Let’s talk about the erasure and dismissal of trans men. How they’re told it’s okay to be masc women, completely disregarding the fact that gender identity and expression don’t work that way. Giving in to the tenets of cisheteronormativity but in a backhanded way that would be funny if it wasn’t so vile. “You are a woman because a doctor looked at your external genitals when you were born and said, ‘congratulations it’s a girl’ and you must remain one. Oh but if you must be manly, just present masc and date women. You’re welcome, I’m more than happy to help”.

The dismissal of trans men and AFAB nonbinary people are so deeply ingrained that we don’t even notice it or them. Take a second, try to think of a trans man you know. We’re so used to the invisibility of these groups that when we see inclusive language being used in mainstream media and the medical field, we automatically think of trans women. The TERFs come out guns ablaze, ready to shoot down every trans woman in sight. We’re treated to multiple think pieces and twitter threads on how trans women have come to erase “real” women and how we must fight this menace. It’s cute if also disheartening and frightening.

But inclusive language in medical spaces isn’t for trans women. I’ll give you two reasons: trans women are women so we can continue to say women if that was the case, and trans men and nonbinary people also menstruate and have uteruses.

When we refuse to accept and acknowledge trans men and nonbinary people as who they are, we are inflicting violence on them. We are telling them their gender dysphoria/euphoria is a thing of their imagination, we’re saying we know better than them who they are. We’re saying the gender binary is all there is and they must conform to it. We are dismissing their struggles and forcing them into a box that they do not belong in. We are taking away their very existence.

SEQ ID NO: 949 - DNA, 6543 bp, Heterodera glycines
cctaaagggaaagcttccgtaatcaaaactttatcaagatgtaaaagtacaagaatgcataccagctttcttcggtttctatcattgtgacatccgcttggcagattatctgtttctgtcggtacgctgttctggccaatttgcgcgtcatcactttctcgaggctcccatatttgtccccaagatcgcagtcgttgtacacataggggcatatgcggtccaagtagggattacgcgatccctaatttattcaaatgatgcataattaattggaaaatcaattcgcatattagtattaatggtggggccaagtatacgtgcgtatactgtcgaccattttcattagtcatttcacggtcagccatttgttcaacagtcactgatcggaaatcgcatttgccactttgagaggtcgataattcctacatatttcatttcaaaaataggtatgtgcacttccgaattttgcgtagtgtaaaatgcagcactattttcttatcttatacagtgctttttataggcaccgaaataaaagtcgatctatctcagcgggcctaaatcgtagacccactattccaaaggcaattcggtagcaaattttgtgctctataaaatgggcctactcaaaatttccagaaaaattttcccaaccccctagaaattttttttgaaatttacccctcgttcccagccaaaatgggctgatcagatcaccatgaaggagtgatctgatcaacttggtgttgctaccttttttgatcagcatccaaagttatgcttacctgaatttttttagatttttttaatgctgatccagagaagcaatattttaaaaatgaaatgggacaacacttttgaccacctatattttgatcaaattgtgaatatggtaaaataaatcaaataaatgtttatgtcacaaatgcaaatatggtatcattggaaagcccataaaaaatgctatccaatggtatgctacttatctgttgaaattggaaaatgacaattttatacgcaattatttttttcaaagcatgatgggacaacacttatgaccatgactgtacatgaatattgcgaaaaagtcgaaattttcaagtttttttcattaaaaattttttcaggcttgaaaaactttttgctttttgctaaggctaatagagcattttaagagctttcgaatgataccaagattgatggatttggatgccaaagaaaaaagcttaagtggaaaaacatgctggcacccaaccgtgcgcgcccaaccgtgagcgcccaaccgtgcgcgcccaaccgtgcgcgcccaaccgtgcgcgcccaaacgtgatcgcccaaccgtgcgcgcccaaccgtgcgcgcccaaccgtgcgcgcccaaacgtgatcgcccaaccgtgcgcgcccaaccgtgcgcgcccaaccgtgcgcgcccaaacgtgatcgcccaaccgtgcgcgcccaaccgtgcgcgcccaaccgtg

When we seek to exclude trans women from spaces that should be theirs as of right, we’re saying to the patriarchy, you were right, a woman’s place is to keep the home and bear children. We’re saying yes to the europatriarchal standards of femininity, we’re saying yes, women must be a certain height or lower, they must have soft features, they must sound like songbirds. We’re taking the feminist movement back a hundred years.

Feminism is a lot of things, but it is first about equality and inclusion. Feminism is a fight to dismantle the patriarchy, and we cannot achieve that, we will never achieve that if we decide to pick and choose what aspects of the patriarchy to dismantle because here’s the thing, patriarchy has many faces but it’s all one body. And until we take down the whole body, no one will be free. We cannot simply seek to destroy one of the faces because it will just sprout up again. It’s like trying to remove a tree but leaving the root in, it’s going to keep growing back until you dig up the roots.

If we don’t unearth the patriarchy, if we seek to simply cut off a few branches, we’re going to end up putting in all that effort for nothing. If we say we fight to free women (at its narrowest definition) alone, then we don’t really want to dismantle the patriarchy, we just want our own seats at the table. Until trans women, gay women, GNC women, women who don’t want children, until all women, all people who are under the thumb of the patriarchy are free, none of us is free. And that’s the point of intersectionality, that’s the point of feminism.

Student of law, writer. linktr.ee/emmanwosisi